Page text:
Police in New Delhi broke up the longest-running protest against Prime Minister Narendra Modi’s citizenship law yesterday, citing a ban on public gatherings because of the coronavirus outbreak.
Dozens of people, many of them women, have been staging a sit-in protest since early December on a street in the Shaheen Bagh neighbourhood, which has become a focal point for opposition to the Citizenship Amendment Act (CAA) seen as discriminating against Muslims.
Hundreds of police in riot gear surrounded the protesters early yesterday and told them to leave, said Delhi’s Joint Police Commissioner D C Srivastava.
“It is a dangerous environment, with this coronavirus, we urged them to leave,” he told reporters.
Some demonstrators resisted the police and at least nine people had been detained, six of them women, Srivastava said, adding there was no violence.
“The Delhi police used coercive force to dismantle our protest site even though it had been scaled down to symbolic form considering Covid-19 precautions,” the protest organisers said on Twitter.
Television showed police taking down tents and billboards at the protest site with bulldozers.
“All protest sites have been cleared – Jaffrabad, Jamia and Turkman Gate. Some persons detained in all these places as well,” the police tweeted.
Sources in police said: “A team of senior police officers reached the site at 6.45am. First, they tried to pacify the protesters. At that time around a dozen persons were present. Usually, very few women protesters remain there during the mornings. And because of the lockdown, their number already was very less.”
The police arrived with trucks and JCB machines and dismantled all the structures and seized the tents.
The entire country is under a 21-day lockdown starting today to halt the spread of the virus and public gatherings of more than five people have been banned.
The CAA, which eases the path for non-Muslims from neighbouring Muslim-majority countries to gain citizenship, triggered weeks of sometimes violent protests against Modi’s government after it was passed in December.
At least 78 people have been killed in demonstrations triggered by the law across the country, a large number of them in another part of Delhi in clashes between Hindus and Muslims.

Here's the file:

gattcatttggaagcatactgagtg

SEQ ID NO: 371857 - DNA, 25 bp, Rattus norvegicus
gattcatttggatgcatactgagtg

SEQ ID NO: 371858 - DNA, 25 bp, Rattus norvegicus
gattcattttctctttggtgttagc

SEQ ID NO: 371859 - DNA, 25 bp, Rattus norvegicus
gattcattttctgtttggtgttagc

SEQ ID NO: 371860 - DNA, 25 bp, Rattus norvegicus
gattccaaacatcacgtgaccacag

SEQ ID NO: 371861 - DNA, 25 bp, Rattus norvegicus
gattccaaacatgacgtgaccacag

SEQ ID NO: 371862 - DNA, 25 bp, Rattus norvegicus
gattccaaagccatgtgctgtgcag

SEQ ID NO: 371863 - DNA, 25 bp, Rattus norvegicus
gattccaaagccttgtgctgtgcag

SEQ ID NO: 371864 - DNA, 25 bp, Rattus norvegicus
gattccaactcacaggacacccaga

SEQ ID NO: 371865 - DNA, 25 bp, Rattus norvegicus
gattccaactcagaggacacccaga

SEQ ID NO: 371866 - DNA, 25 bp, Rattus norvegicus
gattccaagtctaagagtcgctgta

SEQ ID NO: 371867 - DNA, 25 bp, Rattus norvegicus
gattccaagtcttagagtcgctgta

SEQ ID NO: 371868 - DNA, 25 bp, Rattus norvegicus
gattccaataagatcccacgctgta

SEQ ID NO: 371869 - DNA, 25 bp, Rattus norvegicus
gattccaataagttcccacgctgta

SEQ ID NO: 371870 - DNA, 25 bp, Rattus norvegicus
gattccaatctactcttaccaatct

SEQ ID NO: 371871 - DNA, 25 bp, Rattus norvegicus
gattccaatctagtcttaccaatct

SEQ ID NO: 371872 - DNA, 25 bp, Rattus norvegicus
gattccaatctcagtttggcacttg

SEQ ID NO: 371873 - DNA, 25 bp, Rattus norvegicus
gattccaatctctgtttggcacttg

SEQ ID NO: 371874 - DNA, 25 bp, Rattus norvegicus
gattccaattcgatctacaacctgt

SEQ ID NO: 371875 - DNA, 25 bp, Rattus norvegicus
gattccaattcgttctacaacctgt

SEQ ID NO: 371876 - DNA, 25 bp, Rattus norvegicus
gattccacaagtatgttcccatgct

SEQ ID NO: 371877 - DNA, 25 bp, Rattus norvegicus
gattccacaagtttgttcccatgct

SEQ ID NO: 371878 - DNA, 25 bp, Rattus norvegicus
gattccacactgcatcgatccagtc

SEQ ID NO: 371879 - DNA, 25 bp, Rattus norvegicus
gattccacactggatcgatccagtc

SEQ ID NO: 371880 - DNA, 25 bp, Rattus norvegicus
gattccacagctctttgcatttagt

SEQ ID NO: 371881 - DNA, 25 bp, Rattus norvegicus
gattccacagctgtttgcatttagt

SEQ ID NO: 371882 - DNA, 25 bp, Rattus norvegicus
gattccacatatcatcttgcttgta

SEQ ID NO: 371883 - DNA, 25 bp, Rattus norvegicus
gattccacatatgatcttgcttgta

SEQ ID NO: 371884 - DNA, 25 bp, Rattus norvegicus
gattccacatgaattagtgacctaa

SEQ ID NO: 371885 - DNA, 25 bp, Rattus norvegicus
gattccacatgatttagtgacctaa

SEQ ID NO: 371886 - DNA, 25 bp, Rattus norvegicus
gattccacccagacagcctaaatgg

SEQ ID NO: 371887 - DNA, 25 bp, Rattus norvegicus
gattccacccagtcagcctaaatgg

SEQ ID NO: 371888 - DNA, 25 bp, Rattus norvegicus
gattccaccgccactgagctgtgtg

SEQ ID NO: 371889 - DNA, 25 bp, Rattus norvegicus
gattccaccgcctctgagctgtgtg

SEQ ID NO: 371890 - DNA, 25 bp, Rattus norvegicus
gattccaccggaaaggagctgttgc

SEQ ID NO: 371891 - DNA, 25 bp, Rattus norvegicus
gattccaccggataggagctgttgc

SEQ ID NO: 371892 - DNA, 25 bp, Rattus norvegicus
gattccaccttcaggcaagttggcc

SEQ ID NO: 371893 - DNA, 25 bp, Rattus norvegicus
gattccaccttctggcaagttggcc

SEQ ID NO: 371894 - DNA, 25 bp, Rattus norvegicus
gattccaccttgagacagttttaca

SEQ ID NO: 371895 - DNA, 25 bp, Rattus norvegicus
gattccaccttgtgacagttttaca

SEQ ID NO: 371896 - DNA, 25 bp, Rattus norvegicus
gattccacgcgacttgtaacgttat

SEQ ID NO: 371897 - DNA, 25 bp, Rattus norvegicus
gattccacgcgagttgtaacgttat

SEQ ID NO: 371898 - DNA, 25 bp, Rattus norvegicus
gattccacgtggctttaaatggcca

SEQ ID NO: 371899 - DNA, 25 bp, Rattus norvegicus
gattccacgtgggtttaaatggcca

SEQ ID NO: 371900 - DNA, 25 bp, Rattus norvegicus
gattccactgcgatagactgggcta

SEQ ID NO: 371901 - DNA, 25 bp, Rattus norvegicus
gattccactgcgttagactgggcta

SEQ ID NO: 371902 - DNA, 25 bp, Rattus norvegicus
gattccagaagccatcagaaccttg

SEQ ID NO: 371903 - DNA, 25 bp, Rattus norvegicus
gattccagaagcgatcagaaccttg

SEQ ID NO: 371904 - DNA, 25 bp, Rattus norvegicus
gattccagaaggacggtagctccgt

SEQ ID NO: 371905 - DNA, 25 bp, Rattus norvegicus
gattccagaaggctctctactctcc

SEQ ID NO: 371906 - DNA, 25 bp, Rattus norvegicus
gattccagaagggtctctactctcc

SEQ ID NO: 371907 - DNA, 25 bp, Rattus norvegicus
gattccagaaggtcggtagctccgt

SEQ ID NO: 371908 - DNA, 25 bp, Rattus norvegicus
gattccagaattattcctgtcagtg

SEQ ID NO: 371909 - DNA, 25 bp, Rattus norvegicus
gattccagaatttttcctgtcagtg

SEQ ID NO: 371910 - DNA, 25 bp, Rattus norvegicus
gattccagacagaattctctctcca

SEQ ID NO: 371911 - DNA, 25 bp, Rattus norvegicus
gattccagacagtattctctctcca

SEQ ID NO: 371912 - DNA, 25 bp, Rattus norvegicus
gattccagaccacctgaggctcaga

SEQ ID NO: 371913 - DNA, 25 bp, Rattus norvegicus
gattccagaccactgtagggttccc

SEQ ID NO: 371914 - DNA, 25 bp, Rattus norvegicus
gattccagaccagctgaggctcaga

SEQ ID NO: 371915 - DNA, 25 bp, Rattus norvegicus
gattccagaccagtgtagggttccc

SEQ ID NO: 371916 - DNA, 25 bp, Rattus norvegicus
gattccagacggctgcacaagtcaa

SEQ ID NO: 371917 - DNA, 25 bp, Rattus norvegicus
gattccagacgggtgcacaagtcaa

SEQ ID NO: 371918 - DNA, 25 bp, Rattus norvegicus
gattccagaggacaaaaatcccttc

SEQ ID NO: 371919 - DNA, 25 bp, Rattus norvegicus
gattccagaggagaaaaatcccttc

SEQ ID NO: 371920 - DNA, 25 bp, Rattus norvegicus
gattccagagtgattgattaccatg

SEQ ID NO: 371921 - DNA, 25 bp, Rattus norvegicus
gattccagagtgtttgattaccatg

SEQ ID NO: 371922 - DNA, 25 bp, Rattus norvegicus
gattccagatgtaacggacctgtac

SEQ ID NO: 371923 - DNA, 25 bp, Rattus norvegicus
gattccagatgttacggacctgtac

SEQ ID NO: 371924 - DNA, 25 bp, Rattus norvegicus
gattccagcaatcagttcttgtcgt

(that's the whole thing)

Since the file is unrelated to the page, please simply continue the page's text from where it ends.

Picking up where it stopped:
Critics say the law discriminates against Muslims and it has deepened concern that Modi’s administration is undermining India’s secular traditions.
Modi’s Bharatiya Janata Party denies any bias against India’s 180mn Muslims.
Even before the coronavirus epidemic, the protest at Shaheen Bagh had become a thorn in the government’s side, and there had been calls by hardline Hindu groups linked to Modi’s alliance and residents in the area to clear it out.
Two interlocutors appointed by the Supreme Court to hold talks with the protesters asked them well as the authorities not to do anything that would escalate matters due to the virus.
On February 17, senior lawyer Sanjay Hedge and advocate Sadhana Ramachandran were appointed interlocutors by a bench comprising Justices Sanjay Kishan Kaul and K M Joseph to urge the protesters to vacate the public road at Shaheen Bagh and find an alternative site to continue their protest.
“A grave pandemic is threatening the country and it must receive priority in terms of everyone’s attention. We request the administration and the protesters to now not do anything that will exacerbate the underlying tensions that culminated in the street protests,” the two interlocutors said in statement.
“As Supreme Court appointed interlocutors, we had submitted two reports to the court, detailing our efforts and the situation prevailing then,” they said and emphasised that the process of interlocution has reinforced many invaluable lessons, including the need for continued dialogue at all times.
“We believe that the Supreme Court-mandated interlocution kept Shaheen Bagh protests peaceful even while violence erupted in other parts of Delhi. Some rigours of the blockade were relaxed by the protesters, clearing some peripheral roads. Today, the few remaining Shaheen Bagh protestors have been finally dispersed peacefully with minimal force,” they added.
** Even as anti-CAA protests in Lucknow and Deoband in Uttar Pradesh have been called off in view of the virus scare, women protesters have continued their agitation, ignoring the appeals issued by religious leaders.
Hundreds of protesters gathered at the Eidgah in Moradabad on Sunday during the Janata Curfew call given by Prime Minister Narendra Modi.
At 5p., when the entire country rang bells and beat pots to express their gratitude to corona warriors, the protesters in Moradabad beat pots to express their protest against the citizenship law.
The Moradabad police have now decided to book the protesters who had gathered at Eidgah on Sunday.
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